But his sons shall be stirred up
Not of the king of the south, or Egypt, but of the king of the north, or Syria; the sons of Seleucus Callinicus, who died, as Justin F6 says, by a fall from his horse; these were Seleucus Ceraunus and Antiochus, who was afterwards called the great: these being irritated and provoked by what Ptolemy Euergetes had done in revenge of his sister, taking part of their father's kingdom from him, and carrying off so rich a booty, joined together, and exerted themselves to recover their dominions from him: and shall assemble a multitude of great forces:
or, "a multitude of men, even large armies" F7; which they put themselves at the head of, in order to make war with the king of Egypt: and one shall certainly come, and overflow, and pass through;
this is to be understood of Antiochus; for Seleucus dying in the third year of his reign, being slain in Phrygia, through the treachery of Nicator and Apaturius, as Jerom relates; or, as others, poisoned; Antiochus succeeded him, and alone headed the armies they had collected; and with which, like an inundation of water, to which armies are sometimes compared, he attacked Seleucia, and took it; and entered into Coelesyria, and overran it, being delivered into his hands by the treachery of Theodotus, who governed there for Ptolemy, whom he had offended: after this he came to Berytus, entered the province by a place which the countrymen called "the face of God"; and which Grotius, not improbably, takes to be Phanuel: took the town of Botris, and set fire to Trieres and Calamus, or Calene: he next invaded Palestine, and took several places in it; went as far as Rabata Massane, or Rabatamana, a city in Arabia, the same with Rabbathammon, which surrendered to him F8: then shall he return, and be stirred up even to his fortress:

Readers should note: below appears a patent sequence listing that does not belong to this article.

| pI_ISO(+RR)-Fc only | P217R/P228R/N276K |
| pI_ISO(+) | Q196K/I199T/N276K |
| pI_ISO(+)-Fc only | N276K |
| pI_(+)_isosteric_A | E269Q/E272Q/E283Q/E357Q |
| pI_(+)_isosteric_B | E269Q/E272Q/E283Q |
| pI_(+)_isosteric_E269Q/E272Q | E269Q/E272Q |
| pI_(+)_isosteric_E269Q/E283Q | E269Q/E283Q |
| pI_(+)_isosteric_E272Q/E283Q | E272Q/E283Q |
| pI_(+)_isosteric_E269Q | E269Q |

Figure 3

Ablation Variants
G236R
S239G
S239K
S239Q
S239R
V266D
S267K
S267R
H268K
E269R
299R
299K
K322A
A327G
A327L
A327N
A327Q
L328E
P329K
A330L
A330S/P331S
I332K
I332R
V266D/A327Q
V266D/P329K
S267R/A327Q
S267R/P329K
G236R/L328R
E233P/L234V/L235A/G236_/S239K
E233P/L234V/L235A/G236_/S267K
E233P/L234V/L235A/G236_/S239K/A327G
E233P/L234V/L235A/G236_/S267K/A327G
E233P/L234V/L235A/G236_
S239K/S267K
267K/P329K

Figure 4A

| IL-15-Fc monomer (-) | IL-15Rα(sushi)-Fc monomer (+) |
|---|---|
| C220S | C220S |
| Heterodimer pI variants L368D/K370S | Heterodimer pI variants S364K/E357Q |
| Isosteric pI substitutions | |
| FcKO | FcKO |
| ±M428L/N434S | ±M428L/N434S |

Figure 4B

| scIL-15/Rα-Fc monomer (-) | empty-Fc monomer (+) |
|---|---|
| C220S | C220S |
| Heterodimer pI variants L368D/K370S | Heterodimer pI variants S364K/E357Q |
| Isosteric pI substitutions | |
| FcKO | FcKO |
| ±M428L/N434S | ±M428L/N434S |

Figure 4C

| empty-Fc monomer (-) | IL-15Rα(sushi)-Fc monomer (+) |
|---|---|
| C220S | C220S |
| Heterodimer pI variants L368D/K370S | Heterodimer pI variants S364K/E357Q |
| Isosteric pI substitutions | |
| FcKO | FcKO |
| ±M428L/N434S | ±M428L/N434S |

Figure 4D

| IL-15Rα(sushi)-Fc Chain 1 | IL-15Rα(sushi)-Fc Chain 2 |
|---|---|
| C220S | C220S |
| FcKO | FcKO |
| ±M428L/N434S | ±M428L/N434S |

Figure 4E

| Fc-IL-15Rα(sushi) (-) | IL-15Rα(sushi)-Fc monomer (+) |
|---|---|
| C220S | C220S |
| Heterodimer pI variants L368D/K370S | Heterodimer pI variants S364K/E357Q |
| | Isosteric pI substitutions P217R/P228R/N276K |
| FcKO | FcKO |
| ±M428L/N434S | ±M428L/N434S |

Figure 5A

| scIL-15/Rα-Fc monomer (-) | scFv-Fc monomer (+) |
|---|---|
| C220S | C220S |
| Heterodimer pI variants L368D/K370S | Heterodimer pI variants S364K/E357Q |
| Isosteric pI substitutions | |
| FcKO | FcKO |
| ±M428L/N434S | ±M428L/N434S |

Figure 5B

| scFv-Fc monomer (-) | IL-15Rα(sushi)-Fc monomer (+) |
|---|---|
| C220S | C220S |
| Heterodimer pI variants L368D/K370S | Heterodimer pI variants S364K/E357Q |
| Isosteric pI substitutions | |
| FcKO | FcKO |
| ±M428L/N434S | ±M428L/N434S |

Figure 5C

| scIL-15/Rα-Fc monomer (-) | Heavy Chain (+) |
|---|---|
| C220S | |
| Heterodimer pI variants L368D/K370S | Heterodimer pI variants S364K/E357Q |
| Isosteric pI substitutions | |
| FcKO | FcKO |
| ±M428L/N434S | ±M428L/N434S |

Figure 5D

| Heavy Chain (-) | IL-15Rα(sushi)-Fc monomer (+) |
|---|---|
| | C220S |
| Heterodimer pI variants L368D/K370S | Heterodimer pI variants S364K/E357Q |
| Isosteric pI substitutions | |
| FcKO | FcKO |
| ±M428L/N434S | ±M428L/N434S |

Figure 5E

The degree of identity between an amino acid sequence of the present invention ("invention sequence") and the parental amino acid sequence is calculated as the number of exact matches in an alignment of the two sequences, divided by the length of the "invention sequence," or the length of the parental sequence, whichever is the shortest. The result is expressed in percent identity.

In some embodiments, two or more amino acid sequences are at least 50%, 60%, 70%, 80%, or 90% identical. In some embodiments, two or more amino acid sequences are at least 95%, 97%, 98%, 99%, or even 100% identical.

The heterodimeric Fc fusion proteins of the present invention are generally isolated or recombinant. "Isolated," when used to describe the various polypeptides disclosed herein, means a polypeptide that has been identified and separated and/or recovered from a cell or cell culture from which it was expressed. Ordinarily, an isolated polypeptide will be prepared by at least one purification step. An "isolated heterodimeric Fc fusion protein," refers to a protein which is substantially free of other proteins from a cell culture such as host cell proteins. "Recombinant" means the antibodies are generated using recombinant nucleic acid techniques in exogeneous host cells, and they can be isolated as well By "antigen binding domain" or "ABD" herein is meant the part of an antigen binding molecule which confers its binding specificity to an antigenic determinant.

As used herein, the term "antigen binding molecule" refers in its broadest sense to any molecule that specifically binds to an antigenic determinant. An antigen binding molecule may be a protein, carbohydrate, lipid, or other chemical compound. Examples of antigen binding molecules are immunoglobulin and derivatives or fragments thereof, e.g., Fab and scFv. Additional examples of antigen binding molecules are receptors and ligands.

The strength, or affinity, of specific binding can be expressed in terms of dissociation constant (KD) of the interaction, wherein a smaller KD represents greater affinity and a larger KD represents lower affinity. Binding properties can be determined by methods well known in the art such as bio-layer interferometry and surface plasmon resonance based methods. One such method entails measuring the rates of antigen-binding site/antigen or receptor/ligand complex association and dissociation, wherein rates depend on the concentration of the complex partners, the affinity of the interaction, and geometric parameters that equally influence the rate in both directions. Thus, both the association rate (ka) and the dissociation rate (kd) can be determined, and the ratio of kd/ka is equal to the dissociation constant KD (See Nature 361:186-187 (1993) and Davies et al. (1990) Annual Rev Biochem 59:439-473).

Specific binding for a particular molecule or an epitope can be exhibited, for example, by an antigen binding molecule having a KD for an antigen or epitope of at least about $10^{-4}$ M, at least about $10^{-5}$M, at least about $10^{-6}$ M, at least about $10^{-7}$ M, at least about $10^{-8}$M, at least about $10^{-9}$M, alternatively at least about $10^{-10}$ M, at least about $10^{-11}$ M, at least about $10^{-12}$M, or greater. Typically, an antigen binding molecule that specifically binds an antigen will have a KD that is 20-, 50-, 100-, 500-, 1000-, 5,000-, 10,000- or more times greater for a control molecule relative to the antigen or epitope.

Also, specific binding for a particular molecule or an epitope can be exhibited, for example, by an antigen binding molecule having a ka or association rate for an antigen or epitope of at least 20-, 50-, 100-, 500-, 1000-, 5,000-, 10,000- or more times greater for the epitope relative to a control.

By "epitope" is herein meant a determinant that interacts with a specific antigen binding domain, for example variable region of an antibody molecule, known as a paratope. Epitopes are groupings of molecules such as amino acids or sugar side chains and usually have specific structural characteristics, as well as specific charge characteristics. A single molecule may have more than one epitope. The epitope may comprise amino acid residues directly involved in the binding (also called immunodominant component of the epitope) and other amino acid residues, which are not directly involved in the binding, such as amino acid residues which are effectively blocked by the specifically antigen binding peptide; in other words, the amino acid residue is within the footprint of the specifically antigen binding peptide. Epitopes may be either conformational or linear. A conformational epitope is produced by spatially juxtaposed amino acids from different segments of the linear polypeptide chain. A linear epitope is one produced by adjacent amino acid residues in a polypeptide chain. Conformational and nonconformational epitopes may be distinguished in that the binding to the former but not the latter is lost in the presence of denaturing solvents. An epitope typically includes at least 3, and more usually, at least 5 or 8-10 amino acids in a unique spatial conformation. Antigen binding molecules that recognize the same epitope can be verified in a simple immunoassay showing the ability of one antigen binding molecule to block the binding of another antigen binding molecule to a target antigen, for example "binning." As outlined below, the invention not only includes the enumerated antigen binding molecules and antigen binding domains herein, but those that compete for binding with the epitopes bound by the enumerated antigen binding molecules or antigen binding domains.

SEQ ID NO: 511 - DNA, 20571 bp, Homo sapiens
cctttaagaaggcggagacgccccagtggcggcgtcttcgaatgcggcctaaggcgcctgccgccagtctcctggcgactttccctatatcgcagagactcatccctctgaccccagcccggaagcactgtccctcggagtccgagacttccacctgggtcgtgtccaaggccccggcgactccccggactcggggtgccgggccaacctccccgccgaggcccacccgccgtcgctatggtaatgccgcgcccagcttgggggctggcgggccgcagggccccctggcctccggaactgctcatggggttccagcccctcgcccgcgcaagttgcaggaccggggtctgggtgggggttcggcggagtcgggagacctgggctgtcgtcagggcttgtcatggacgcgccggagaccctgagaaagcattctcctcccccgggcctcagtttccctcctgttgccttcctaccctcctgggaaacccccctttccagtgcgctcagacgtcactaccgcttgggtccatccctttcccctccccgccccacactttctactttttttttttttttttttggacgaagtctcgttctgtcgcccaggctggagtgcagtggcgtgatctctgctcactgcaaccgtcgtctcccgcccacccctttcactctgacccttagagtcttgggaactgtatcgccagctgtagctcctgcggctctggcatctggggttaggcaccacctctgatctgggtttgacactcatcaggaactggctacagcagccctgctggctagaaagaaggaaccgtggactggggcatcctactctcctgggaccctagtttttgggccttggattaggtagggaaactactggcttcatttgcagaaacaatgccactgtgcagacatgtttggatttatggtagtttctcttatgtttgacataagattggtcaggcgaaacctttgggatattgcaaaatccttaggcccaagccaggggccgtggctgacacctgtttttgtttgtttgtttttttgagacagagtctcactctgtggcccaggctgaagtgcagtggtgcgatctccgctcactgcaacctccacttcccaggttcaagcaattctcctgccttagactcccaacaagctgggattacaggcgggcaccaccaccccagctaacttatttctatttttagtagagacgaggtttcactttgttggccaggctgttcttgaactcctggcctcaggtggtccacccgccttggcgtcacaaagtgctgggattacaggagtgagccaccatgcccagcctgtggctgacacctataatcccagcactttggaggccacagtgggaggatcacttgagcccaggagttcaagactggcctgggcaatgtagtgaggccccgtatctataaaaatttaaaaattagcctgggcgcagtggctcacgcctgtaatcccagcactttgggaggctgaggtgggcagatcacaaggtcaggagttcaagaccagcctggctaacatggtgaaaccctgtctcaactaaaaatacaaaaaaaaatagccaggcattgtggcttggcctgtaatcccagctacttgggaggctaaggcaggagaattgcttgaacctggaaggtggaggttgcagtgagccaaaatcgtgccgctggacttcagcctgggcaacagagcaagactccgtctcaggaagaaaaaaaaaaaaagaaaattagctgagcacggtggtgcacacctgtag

the spring following he returned with a numerous army, and came to Raphia, a fortified city in Egypt, which lay between that and Palestine; where, as Strabo F9 says, Ptolemy the fourth (i.e. Philopator) fought with Antiochus the great.
F6 Ibid. (Justin, l. 27.) c. 3.
F7 (Mybr Mylyx Nwmh) "multitudinem, copias amplas", Junius & Tremellius.
F8 Vid. Polybium, l. 5. p. 256, 260, 261, 262. and Universal History, vol. 9. p. 216, 218, 219.
F9 Geograph. l. 16. p. 522.